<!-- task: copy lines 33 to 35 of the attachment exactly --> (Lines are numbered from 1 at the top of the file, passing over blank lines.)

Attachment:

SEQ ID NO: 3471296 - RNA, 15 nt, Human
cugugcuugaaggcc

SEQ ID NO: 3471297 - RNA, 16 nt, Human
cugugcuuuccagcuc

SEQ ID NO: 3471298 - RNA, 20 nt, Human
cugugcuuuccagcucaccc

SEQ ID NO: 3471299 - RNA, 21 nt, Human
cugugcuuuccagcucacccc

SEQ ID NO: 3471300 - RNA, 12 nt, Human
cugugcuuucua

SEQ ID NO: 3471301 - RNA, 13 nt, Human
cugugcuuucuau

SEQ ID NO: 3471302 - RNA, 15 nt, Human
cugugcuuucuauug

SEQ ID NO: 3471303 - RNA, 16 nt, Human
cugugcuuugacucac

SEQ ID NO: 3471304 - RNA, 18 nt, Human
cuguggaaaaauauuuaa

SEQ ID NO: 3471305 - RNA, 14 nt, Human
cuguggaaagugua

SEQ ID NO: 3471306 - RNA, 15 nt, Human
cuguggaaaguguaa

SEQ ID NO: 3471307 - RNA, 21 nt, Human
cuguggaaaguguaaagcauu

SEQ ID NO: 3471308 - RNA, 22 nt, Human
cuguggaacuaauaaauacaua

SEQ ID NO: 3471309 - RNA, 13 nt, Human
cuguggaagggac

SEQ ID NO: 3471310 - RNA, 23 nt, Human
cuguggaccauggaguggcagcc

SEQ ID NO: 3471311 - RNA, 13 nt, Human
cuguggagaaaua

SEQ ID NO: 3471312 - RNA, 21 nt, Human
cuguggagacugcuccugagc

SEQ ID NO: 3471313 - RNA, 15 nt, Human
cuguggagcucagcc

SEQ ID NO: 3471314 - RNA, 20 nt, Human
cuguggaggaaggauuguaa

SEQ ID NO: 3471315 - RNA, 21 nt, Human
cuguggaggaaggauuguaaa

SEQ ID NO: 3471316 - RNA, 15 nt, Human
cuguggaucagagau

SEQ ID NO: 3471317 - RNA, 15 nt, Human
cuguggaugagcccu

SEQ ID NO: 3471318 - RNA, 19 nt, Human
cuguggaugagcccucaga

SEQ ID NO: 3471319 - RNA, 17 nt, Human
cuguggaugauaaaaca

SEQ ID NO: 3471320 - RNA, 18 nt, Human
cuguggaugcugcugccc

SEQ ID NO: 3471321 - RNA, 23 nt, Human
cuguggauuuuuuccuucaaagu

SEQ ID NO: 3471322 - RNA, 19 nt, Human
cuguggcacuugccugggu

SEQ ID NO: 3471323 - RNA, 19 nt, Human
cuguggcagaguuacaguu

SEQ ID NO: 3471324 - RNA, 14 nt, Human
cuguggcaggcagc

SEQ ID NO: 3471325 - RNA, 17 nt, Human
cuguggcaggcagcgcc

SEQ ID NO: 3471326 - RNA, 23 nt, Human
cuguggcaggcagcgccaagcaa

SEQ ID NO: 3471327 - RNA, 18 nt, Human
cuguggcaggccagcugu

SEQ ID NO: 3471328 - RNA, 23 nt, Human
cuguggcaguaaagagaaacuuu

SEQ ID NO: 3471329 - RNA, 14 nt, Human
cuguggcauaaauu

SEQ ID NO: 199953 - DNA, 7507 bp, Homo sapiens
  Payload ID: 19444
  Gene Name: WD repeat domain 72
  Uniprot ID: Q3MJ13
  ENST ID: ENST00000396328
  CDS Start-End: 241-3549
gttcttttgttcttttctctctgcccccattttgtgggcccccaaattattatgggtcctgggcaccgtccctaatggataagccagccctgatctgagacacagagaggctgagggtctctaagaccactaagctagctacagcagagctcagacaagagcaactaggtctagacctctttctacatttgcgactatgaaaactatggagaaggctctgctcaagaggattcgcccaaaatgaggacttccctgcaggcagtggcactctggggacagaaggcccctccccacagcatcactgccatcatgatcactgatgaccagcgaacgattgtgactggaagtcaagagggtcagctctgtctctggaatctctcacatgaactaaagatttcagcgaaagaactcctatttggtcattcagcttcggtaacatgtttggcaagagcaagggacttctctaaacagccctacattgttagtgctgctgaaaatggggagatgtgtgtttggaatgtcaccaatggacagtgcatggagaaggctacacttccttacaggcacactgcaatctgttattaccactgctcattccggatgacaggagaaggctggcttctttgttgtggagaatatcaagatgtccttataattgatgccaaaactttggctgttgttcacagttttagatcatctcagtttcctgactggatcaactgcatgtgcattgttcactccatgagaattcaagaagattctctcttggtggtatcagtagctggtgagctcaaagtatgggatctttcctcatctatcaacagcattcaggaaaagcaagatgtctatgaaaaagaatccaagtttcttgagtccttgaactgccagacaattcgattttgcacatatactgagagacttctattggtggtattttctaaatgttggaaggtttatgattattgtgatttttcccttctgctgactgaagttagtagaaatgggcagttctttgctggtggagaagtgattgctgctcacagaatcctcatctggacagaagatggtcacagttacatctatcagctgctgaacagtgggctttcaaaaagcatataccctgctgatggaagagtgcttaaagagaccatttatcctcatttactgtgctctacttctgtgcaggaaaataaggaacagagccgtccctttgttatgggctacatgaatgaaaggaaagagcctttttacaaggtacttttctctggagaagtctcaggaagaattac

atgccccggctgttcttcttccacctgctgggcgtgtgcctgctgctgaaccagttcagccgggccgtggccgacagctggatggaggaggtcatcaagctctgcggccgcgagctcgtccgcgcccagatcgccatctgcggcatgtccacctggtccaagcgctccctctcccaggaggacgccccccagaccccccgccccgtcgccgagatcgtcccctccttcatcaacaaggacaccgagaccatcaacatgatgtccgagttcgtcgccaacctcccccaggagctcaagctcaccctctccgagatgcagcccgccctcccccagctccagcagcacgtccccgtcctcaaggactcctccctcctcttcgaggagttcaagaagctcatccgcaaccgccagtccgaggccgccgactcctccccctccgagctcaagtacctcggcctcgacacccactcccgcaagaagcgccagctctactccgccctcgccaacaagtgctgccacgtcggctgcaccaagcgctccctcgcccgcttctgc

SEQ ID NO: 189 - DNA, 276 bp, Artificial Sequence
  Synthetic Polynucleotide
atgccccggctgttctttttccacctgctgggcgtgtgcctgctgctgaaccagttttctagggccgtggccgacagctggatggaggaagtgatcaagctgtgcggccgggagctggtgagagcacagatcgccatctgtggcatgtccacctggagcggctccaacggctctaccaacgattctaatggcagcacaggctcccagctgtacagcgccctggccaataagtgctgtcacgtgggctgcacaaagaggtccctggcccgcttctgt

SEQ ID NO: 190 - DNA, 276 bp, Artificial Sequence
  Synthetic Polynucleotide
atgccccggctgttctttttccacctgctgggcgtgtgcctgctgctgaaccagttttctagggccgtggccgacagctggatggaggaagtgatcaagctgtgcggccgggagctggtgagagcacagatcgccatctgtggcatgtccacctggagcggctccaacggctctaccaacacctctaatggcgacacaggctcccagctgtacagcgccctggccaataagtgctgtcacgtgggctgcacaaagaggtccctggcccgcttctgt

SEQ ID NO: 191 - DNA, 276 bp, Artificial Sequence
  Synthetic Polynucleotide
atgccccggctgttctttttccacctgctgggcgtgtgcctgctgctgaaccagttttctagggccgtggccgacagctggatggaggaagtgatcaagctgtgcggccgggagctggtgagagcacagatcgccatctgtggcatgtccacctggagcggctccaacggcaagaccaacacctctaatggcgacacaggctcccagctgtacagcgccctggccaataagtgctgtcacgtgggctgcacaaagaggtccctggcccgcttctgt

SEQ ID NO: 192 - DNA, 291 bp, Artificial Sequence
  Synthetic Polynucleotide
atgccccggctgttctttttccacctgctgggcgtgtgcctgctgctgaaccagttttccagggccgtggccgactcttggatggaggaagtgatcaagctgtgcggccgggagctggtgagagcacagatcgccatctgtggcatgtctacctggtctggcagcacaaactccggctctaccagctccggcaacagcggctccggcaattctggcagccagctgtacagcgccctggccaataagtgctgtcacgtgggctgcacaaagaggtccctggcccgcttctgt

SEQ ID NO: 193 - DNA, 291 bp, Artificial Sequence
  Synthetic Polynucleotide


SEQ ID NO: 3471312 - RNA, 21 nt, Human
cuguggagacugcuccugagc

SEQ ID NO: 3471313 - RNA, 15 nt, Human